Mumbai – Japan should stop funding the construction of a coal-fired power plant in Bangladesh as the emissions it produces will accelerate global warming and put the low-lying country at greater risk of climate-change impacts, youth activists said on Friday.
Japanese trading house Sumitomo Corp, along with Toshiba and IHI Corporation, is building the Matarbari power plant in Maheshkhali near the southeastern coastal town of Cox’s Bazar, funded by the Japan International Cooperation Agency (JICA).
Climate campaigners said the project contradicts Japan’s commitment, made with other wealthy G7 nations last May, to end funding for “unabated” coal power overseas by the end of 2021.
Coal is considered unabated when it is burned for power or heat without using technology to capture the resulting emissions, a system not yet widely used in power generation.
The power plant under construction at Cox’s Bazar, along the world’s longest beach, puts the lives and livelihoods of locals at risk and will add to broader climate woes, activists said.
Bangladeshi officials said all possible measures were being taken to reduce the negative consequences of the fossil-fuel power plant.
Kentaro Yamamoto, an activist with student movement Fridays for Future Japan, said international support for such energy infrastructure was being offered to Asian countries as “development assistance” but was “destroying the environment.”
Launching a campaign to demand that Sumitomo and JICA stop work on the project, activists and environmental scientists from the region said Japan should stop investing in dirty energy, in order to limit global warming to 1.5 degrees Celsius, in line with internationally agreed climate goals.
“This project is hurting the people of Bangladesh and this planet. About 20,000 people will lose land, homes and jobs, flooding will get worse and about 14,000 people could lose their lives due to the toxic waste,” Yamamoto told an online event.
The Bangladesh power plant is at odds with global efforts to curb climate change, and Sumitomo’s own commitment to become carbon neutral by 2050, activists said.
“Achieving net-zero targets by 2050 does not mean burning coal until the last minute. It is far too late to construct new coal power plants now,” said Roger Smith, Japan project manager at Mighty Earth, an advocacy organization.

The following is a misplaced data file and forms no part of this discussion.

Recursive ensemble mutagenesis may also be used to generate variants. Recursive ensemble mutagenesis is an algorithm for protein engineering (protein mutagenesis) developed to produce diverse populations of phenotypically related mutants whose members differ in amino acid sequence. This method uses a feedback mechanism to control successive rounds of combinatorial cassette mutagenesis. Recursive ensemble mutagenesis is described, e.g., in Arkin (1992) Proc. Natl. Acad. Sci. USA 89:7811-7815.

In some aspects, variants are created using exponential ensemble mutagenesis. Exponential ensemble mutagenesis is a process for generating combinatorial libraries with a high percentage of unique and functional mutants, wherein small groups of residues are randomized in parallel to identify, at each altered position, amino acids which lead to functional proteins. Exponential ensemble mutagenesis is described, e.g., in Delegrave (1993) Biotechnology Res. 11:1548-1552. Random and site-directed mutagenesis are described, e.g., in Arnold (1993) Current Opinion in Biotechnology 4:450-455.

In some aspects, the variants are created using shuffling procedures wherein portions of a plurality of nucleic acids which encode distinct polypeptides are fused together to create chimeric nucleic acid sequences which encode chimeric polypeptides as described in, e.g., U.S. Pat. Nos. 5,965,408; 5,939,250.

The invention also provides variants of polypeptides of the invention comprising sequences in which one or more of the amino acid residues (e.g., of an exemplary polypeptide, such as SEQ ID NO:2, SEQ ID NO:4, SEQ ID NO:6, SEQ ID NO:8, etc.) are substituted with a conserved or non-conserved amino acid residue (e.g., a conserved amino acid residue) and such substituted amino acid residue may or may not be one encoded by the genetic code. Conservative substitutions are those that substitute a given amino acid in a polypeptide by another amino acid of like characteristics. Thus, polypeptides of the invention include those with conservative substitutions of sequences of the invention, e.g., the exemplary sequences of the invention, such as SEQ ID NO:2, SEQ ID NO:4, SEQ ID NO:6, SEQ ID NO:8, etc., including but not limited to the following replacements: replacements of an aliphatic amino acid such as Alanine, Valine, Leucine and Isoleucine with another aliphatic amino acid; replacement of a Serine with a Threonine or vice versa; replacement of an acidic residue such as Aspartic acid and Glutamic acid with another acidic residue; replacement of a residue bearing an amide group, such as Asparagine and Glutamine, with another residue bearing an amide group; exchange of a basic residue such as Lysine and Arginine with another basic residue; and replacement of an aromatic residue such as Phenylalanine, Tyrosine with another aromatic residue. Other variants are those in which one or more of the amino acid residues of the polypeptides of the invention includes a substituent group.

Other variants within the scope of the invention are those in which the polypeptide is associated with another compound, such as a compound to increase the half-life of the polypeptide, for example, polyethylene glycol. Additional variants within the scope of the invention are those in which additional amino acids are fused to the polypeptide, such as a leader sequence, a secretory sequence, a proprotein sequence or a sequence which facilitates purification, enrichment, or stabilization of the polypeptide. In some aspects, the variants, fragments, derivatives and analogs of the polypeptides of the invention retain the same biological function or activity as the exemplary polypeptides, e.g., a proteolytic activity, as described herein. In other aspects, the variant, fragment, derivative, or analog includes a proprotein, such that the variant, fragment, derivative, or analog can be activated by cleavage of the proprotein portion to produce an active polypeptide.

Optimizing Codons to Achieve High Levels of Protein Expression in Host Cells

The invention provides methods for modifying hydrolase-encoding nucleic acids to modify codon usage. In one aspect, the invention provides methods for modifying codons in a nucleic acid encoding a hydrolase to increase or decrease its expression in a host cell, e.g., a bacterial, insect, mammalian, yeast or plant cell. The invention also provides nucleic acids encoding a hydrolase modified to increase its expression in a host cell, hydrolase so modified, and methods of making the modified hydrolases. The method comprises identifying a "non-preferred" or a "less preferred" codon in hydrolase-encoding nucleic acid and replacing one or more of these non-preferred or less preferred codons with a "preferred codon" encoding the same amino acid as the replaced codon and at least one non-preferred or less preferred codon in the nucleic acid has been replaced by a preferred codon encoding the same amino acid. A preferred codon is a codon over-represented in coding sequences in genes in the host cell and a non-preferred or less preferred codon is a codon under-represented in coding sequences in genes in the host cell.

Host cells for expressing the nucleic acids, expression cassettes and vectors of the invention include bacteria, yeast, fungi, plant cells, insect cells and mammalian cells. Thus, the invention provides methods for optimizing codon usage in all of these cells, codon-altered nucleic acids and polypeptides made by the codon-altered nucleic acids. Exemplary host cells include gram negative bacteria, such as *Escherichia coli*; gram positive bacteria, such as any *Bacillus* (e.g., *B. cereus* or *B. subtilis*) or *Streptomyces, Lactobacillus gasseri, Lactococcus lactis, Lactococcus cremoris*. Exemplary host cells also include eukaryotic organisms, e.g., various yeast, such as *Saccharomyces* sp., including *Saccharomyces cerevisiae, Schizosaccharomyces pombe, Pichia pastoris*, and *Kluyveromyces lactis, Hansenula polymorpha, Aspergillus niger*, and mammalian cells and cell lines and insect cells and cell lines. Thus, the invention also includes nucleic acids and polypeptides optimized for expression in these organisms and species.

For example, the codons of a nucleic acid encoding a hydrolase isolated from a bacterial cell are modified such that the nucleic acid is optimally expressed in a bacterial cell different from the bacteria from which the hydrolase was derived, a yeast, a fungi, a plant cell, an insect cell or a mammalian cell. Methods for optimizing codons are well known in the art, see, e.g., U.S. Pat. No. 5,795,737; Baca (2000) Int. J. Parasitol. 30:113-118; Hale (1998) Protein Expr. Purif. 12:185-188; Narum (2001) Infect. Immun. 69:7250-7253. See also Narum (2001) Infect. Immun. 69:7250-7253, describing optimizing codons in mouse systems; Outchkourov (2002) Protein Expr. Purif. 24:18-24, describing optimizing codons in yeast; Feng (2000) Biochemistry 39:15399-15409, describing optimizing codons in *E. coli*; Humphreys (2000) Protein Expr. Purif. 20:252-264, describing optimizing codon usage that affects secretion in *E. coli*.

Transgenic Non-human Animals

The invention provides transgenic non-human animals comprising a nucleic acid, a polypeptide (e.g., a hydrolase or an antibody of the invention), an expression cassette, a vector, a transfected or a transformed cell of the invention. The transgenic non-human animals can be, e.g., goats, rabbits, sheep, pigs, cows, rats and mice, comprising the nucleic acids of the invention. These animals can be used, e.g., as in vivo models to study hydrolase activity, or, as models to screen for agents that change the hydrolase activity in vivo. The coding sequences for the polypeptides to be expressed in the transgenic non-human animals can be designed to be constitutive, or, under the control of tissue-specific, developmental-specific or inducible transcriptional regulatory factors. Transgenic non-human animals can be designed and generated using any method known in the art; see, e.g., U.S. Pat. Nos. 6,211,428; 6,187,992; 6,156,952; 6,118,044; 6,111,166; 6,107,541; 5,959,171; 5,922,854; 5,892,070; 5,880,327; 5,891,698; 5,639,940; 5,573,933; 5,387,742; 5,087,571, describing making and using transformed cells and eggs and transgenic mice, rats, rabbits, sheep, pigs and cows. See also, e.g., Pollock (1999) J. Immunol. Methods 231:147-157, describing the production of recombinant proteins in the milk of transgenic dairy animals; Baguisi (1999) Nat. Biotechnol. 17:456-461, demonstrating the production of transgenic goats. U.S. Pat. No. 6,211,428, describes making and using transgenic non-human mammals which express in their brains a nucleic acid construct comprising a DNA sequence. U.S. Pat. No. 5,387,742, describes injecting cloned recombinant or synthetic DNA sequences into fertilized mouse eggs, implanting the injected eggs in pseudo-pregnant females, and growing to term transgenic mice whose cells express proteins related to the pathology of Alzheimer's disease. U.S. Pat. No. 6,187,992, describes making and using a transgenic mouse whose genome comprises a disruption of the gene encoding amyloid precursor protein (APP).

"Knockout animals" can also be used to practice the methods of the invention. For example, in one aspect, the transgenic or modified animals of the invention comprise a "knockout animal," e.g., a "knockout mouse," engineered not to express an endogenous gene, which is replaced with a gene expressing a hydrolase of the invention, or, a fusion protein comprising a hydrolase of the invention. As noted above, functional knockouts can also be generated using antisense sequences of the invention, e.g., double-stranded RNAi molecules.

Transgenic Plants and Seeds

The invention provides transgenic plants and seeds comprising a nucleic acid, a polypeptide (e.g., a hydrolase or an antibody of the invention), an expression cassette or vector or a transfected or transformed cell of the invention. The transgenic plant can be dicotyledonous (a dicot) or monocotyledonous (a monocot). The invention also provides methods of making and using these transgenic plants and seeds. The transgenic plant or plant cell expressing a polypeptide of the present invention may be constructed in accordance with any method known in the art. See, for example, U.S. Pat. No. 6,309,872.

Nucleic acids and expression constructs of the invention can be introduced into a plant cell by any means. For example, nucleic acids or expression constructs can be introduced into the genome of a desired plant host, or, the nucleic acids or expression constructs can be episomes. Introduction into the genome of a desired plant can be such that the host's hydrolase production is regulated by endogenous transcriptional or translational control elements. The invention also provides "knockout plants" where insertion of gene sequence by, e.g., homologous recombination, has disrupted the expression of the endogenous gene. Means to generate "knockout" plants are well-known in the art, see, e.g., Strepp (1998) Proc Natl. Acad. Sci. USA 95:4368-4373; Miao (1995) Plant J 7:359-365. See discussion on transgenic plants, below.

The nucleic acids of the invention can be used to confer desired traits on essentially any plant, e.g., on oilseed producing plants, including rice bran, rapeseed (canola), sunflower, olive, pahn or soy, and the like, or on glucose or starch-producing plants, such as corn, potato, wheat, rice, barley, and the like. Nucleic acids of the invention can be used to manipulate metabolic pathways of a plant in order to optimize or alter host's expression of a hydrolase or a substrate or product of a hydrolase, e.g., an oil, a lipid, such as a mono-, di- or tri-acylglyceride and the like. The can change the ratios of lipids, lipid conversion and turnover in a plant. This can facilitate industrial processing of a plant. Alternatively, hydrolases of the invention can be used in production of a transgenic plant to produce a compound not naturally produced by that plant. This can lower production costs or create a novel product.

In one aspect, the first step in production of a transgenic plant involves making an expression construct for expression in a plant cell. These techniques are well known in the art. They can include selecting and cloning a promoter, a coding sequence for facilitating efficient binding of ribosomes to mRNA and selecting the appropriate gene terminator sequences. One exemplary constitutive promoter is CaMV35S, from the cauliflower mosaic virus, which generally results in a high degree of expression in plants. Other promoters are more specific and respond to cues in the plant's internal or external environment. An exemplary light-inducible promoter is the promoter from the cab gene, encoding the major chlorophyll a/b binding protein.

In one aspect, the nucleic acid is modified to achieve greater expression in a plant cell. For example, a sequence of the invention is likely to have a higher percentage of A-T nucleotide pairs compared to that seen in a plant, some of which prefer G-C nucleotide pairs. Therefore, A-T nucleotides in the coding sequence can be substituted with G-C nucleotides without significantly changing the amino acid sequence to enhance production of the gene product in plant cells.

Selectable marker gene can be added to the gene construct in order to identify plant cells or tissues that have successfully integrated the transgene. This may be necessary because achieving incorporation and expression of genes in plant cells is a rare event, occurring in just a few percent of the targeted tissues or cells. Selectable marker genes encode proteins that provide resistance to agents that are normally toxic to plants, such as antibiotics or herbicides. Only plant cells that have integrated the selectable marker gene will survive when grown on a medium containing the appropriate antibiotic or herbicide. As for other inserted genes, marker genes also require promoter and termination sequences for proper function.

A spokesman for Sumitomo, which began building Matarbari in 2017, said it was fulfilling its contract, adding the project was not at odds with the firm’s own net-zero emissions goal as it would be operated by the Bangladesh government and retired before mid-century.
Growing energy needs
About 8% of Bangladesh’s electricity supply comes from coal.
Last year it canceled 10 out of 18 coal-fired plants it had planned to set up, amid rising costs for the polluting fuel and growing calls from activists to source more of the nation’s power from renewable energy sources.
Mohammad Hossain, head of Power Cell, a technical arm of the Bangladesh energy ministry, said the government had not received a petition from climate activists to stop the Matarbari project.
“We have already canceled power plants with an intention to cut down emissions but this is an ongoing project and there is no question to cancel it,” he told the Thomson Reuters Foundation.
The state-run plant — which is expected to be operational by 2024 — would use new technologies to limit emissions, minimize water intake and reduce fly ash to avoid environmental harm, he added.
“Our country is growing fast — its energy demand is growing. This project has been taken up looking at the demands of 2030,” Hossain said.
Activists said funding fossil fuel use put economic concerns ahead of people’s safety in a country whose low elevation, high population density and weak infrastructure make it highly vulnerable to climate change.
“We have the capacity to transition to renewable energy and (we) need the support of Japan to make this transition but not for a coal power plant that is aimed at their profit,” said Farzana Faruk Jhumu of the Bangladesh arm of Fridays for Future.
JICA did not immediately respond to a request for comment.
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